Human resource management

7 July 2022

4 min.

Prepare a skills profile in 3 easy steps!

Building a skills profile for a hiring process is too often seen as a cumbersome process, a necessary evil. As a result, we sometimes cut corners… or cast too wide a net!

This can result in the use of old, hastily updated profiles, where key skills can be missed.

What if there was a way to do better? What if this process could be both faster and more complete?

Let’s hope so! We suggest three steps to develop a lightning-fast skills profile (and chances are, you’ll even find the process rewarding)!

Why build a skills profile?

Building a skills profile is too often perceived as a long and ambitious exercise. Often, we don’t do it and we continue to rely on our instincts, on what we know. Yet, it is a tool that can be valuable in many ways to:

  • Provide the right professional development activities for employees in a position, both in terms of technical and soft skills.
  • Target the competencies that will be required within the next 3 years to better guide development.
  • Increase your chances of selecting the right candidate for a particular position.

What are the technical and soft skills required to fill a position? What skills will be required 3 years from now? These questions are regularly asked in organizations, both by the manager and the human resources manager, to improve the selection and development of talent.

Step 1: Identify the key moments

In order to have the whole picture at hand, it is very helpful to think of a position in terms of “key moments” rather than just roles or responsibilities. If one were to list all of the key moments in the professional life of the person holding that position, what would that list look like?

Once this step is completed, one can then identify which of these key moments require particular skills. This exercise can be surprisingly revealing!

Step 2: Determine the required skills and knowledge

Once you have identified the key moments that require specific skills, you obviously need to take the time to identify those skills. In each of these situations, what does this person need to be able to do?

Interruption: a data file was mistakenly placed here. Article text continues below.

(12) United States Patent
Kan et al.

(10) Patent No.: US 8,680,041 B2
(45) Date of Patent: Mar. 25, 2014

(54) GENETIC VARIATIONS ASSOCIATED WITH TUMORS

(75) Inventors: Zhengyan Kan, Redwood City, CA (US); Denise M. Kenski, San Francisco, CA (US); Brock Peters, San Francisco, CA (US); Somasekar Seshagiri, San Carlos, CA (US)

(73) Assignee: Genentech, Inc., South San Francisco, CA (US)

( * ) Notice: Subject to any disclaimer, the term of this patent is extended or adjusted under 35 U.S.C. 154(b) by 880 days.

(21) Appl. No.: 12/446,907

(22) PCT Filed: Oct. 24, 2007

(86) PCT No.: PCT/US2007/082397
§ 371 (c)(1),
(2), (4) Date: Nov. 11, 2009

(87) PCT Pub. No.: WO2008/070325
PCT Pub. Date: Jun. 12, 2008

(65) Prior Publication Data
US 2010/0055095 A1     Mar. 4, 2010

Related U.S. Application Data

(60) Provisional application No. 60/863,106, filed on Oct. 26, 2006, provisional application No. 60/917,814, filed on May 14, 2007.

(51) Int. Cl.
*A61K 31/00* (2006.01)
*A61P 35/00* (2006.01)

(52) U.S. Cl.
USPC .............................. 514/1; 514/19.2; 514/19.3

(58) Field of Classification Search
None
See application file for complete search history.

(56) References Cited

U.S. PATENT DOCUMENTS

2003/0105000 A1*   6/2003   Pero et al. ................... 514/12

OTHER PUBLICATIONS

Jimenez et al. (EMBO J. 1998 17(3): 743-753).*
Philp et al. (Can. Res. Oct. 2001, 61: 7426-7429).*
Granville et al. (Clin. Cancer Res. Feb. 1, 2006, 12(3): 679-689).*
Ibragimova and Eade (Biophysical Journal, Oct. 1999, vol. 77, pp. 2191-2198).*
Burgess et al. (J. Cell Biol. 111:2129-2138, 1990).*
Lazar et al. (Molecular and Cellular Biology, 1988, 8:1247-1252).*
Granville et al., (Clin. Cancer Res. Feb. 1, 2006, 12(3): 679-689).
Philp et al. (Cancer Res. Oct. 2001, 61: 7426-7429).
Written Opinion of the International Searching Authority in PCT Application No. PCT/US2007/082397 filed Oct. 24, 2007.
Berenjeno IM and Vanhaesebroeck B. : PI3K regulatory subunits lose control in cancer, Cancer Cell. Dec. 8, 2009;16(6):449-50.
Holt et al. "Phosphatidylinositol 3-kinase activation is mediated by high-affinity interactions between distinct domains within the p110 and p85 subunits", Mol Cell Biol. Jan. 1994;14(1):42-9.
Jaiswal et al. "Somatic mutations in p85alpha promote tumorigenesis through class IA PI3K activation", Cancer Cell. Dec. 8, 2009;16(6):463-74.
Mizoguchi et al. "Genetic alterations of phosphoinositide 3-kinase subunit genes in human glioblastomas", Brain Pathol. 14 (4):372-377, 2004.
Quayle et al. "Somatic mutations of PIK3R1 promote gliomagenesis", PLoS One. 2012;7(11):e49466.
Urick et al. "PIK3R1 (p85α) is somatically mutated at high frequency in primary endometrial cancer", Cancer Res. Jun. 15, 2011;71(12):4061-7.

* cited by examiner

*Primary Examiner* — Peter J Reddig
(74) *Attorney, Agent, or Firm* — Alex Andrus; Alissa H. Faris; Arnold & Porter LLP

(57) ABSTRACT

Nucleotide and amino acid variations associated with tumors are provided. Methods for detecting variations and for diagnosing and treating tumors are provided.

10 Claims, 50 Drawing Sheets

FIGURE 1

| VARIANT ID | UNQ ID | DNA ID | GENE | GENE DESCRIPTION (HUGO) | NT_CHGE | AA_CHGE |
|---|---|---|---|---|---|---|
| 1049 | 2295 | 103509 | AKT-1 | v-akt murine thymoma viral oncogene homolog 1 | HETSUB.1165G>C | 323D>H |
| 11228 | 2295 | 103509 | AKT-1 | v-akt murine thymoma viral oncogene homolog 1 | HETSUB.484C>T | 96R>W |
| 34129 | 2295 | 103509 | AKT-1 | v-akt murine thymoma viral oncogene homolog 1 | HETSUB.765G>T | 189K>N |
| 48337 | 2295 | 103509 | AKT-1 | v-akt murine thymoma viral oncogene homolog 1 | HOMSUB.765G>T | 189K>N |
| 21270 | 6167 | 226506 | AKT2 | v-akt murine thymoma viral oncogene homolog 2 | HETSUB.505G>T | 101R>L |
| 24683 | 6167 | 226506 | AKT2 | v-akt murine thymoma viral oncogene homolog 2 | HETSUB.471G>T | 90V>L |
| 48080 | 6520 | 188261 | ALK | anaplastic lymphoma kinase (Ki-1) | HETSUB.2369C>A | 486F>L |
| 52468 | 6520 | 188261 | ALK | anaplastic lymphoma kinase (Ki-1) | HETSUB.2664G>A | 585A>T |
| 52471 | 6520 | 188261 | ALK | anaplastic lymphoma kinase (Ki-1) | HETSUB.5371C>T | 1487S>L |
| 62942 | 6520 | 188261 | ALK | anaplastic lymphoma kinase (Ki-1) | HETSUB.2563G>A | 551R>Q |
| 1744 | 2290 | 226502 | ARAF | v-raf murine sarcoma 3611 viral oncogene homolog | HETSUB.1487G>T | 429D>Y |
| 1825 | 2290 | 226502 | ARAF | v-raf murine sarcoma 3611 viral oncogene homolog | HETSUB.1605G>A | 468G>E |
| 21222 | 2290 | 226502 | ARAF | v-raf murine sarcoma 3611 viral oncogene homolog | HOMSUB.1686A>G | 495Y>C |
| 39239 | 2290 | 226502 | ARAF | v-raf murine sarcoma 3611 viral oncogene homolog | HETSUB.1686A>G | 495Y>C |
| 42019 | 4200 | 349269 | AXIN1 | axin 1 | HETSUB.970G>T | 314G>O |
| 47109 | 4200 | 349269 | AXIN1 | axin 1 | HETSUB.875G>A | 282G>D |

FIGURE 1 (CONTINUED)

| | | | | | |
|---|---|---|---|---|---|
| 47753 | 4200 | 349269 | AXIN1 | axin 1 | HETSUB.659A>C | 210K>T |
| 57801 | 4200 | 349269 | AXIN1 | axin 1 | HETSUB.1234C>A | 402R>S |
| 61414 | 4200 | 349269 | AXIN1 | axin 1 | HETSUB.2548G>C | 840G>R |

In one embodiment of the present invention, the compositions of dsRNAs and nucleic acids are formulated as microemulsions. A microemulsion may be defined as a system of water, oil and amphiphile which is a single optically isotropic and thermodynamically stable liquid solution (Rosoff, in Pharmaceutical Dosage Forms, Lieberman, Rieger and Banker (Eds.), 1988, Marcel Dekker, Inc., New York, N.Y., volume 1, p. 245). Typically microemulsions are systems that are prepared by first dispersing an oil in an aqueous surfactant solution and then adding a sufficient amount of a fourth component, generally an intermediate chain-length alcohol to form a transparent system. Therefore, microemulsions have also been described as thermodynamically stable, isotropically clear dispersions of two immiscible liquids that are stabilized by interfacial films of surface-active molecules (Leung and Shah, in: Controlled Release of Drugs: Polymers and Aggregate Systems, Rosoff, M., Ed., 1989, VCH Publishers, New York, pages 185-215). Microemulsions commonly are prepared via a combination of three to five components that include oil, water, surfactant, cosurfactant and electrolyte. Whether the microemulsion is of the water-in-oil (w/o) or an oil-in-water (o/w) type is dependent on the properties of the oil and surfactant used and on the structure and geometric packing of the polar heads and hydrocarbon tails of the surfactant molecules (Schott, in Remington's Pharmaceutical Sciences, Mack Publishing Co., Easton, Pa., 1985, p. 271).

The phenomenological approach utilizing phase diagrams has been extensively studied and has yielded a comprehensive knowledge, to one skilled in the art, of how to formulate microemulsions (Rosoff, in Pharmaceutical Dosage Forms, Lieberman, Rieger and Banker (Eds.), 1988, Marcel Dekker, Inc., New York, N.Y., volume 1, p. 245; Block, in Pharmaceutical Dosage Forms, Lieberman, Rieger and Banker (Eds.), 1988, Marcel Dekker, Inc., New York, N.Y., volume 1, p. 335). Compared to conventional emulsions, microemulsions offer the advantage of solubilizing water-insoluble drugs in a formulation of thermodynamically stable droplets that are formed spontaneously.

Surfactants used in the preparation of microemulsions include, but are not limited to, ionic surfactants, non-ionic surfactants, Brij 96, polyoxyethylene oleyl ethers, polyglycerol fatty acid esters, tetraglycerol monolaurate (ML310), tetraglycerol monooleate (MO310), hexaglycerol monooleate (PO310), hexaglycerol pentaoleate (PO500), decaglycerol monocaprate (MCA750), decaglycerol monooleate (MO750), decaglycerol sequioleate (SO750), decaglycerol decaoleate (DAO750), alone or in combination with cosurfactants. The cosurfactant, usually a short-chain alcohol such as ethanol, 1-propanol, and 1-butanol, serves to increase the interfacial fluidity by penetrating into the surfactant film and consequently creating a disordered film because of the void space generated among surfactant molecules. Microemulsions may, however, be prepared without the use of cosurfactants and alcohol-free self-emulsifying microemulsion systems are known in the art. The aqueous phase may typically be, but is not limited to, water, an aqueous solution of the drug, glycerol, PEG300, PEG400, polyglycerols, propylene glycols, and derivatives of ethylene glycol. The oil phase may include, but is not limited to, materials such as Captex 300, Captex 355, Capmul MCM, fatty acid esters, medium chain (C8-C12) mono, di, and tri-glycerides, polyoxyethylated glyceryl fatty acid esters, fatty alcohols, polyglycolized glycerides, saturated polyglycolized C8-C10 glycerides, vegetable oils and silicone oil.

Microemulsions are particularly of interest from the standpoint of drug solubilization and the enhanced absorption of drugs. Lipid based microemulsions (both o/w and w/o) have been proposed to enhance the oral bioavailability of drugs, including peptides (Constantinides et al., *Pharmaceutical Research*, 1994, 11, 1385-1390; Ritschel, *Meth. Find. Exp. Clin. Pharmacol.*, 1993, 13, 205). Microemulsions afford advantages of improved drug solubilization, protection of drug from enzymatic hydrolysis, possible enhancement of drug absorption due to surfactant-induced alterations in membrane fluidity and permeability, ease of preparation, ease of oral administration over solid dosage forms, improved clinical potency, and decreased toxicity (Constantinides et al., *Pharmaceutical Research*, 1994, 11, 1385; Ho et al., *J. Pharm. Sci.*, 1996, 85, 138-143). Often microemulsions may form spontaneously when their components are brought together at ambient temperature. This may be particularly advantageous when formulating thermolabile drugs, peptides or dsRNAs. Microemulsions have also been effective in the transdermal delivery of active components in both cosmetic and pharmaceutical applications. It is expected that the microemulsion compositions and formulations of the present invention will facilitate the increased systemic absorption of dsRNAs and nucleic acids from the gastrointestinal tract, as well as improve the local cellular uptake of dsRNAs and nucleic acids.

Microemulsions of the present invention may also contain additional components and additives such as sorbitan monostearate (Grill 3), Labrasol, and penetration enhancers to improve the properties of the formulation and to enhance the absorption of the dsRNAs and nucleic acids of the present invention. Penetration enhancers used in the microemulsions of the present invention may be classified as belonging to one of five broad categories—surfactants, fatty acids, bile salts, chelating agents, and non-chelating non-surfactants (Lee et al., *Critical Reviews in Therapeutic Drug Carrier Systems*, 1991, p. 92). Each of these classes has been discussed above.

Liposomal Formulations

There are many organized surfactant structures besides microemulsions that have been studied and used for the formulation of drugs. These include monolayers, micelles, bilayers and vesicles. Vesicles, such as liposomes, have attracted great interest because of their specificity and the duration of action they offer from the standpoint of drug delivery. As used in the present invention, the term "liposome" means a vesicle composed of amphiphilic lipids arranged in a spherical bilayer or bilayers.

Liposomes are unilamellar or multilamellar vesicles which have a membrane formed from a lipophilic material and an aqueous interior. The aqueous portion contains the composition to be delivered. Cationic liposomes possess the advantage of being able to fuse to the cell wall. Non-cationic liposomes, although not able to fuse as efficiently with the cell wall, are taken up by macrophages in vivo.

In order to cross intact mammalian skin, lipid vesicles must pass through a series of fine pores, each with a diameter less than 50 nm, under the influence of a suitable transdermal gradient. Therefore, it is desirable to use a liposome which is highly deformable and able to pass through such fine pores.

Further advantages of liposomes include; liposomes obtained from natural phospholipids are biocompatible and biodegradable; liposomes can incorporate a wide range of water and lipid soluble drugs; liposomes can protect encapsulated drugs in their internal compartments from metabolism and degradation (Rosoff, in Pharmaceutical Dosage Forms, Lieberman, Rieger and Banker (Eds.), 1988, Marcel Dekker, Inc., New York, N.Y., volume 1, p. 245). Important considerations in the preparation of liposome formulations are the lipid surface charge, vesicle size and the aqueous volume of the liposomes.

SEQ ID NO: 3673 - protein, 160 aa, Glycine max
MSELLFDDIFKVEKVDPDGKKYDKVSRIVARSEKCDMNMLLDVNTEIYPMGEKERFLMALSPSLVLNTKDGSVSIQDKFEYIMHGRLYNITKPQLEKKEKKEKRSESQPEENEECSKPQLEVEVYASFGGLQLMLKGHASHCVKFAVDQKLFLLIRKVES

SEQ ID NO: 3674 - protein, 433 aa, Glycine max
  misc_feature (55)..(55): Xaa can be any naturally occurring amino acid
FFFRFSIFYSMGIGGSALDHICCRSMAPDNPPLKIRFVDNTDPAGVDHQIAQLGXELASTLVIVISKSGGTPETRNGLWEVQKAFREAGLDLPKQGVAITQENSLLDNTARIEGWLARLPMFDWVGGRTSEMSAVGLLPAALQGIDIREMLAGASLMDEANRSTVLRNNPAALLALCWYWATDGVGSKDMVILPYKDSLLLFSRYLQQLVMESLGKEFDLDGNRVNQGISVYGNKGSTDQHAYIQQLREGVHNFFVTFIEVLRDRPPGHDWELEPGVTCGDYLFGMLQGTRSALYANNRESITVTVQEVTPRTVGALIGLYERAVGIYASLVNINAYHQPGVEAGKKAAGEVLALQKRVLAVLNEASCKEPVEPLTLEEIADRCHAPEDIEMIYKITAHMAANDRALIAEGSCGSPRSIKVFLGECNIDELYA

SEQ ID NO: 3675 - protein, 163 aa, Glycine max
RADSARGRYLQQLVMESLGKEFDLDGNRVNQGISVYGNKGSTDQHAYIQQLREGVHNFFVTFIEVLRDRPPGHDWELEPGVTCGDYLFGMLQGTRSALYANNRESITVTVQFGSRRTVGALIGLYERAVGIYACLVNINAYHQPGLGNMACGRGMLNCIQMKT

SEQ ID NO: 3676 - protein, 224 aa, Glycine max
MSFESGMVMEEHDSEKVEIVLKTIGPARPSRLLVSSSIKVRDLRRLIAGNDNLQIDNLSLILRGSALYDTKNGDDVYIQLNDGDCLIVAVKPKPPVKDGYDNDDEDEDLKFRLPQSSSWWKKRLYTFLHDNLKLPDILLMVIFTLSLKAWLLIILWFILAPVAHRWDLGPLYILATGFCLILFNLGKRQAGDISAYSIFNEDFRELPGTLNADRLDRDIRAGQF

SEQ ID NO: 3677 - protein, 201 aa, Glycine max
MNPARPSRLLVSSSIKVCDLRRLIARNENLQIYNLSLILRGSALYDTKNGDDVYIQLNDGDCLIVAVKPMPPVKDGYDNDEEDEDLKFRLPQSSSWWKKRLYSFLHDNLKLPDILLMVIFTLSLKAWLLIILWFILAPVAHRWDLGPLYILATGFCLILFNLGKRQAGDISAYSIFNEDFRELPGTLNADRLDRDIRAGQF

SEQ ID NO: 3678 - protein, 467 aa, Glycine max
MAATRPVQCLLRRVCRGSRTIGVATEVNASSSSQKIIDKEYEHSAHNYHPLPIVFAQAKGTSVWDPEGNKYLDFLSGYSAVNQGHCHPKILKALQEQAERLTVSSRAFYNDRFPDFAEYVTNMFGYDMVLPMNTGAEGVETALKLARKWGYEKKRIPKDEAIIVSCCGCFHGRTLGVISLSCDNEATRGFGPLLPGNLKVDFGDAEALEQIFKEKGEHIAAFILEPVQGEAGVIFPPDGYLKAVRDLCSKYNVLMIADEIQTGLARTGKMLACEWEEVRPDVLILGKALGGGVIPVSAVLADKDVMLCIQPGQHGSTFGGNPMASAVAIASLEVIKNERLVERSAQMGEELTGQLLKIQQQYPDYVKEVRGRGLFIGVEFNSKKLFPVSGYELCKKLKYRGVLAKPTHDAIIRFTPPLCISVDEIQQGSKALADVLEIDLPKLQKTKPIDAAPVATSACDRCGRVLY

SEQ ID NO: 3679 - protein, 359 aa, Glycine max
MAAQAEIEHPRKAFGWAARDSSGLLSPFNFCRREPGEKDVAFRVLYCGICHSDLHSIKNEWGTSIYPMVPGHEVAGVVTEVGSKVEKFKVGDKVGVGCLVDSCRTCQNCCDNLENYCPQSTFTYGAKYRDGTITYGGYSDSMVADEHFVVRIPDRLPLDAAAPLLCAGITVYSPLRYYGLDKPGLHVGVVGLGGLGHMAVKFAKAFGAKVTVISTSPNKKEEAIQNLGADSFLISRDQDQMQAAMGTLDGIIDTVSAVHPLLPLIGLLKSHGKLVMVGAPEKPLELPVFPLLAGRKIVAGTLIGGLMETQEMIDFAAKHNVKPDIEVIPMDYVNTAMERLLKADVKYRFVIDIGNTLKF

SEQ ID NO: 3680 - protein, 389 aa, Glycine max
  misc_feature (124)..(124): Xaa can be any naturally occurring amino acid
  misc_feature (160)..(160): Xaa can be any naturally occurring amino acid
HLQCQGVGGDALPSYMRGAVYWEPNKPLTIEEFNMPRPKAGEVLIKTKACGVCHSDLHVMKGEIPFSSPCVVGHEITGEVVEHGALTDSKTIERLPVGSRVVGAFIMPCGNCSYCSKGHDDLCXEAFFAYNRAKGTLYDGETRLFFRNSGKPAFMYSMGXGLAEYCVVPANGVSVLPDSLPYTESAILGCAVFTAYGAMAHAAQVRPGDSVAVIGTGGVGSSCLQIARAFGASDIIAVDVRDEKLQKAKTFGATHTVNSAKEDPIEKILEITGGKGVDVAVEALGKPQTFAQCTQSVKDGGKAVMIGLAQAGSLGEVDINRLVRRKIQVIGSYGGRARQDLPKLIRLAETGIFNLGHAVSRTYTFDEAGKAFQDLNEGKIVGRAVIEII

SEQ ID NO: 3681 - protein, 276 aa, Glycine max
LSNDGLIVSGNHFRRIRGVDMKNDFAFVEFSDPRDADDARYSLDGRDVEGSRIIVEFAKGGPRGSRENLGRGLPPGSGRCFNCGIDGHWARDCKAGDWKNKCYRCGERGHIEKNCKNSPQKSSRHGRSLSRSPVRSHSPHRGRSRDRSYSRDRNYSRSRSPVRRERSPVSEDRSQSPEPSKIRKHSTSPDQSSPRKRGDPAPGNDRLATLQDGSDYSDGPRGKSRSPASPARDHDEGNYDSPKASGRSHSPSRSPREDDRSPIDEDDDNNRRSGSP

And beyond the skills themselves, what knowledge is required? What does this person need to know in order to perform optimally in this position?

Take a moment to assess whether all contexts have been taken into consideration. If some variables change, are the skills and knowledge required still the same?

What about soft skills?

Beyond technical or functional skills and knowledge, it is important to include another element in the equation in order to obtain the right skills profile: soft skills.

Have you identified the strengths and attitudes that the person must absolutely have for the position? How can these soft skills be translated into everyday action?

Finally, we identify the technical and personal skills that must be present before hiring and those that we can afford to place at the heart of a development strategy.

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Step 3: Plan for the future

If you have been able to paint a very accurate picture of the position in its current setting, what about the future? Looking ahead to a few months, or even a few years, are there skills and knowledge that are suddenly essential for this position? What are the developments that we can foresee?

This work will help identify the candidates who are best suited for this position, now and in the years to come!

And remember: the people who are most likely to contribute to this process of developing a skills profile are those who have a strong track record with the job. Who on the team has a real passion for the job? Don’t forget to get them involved!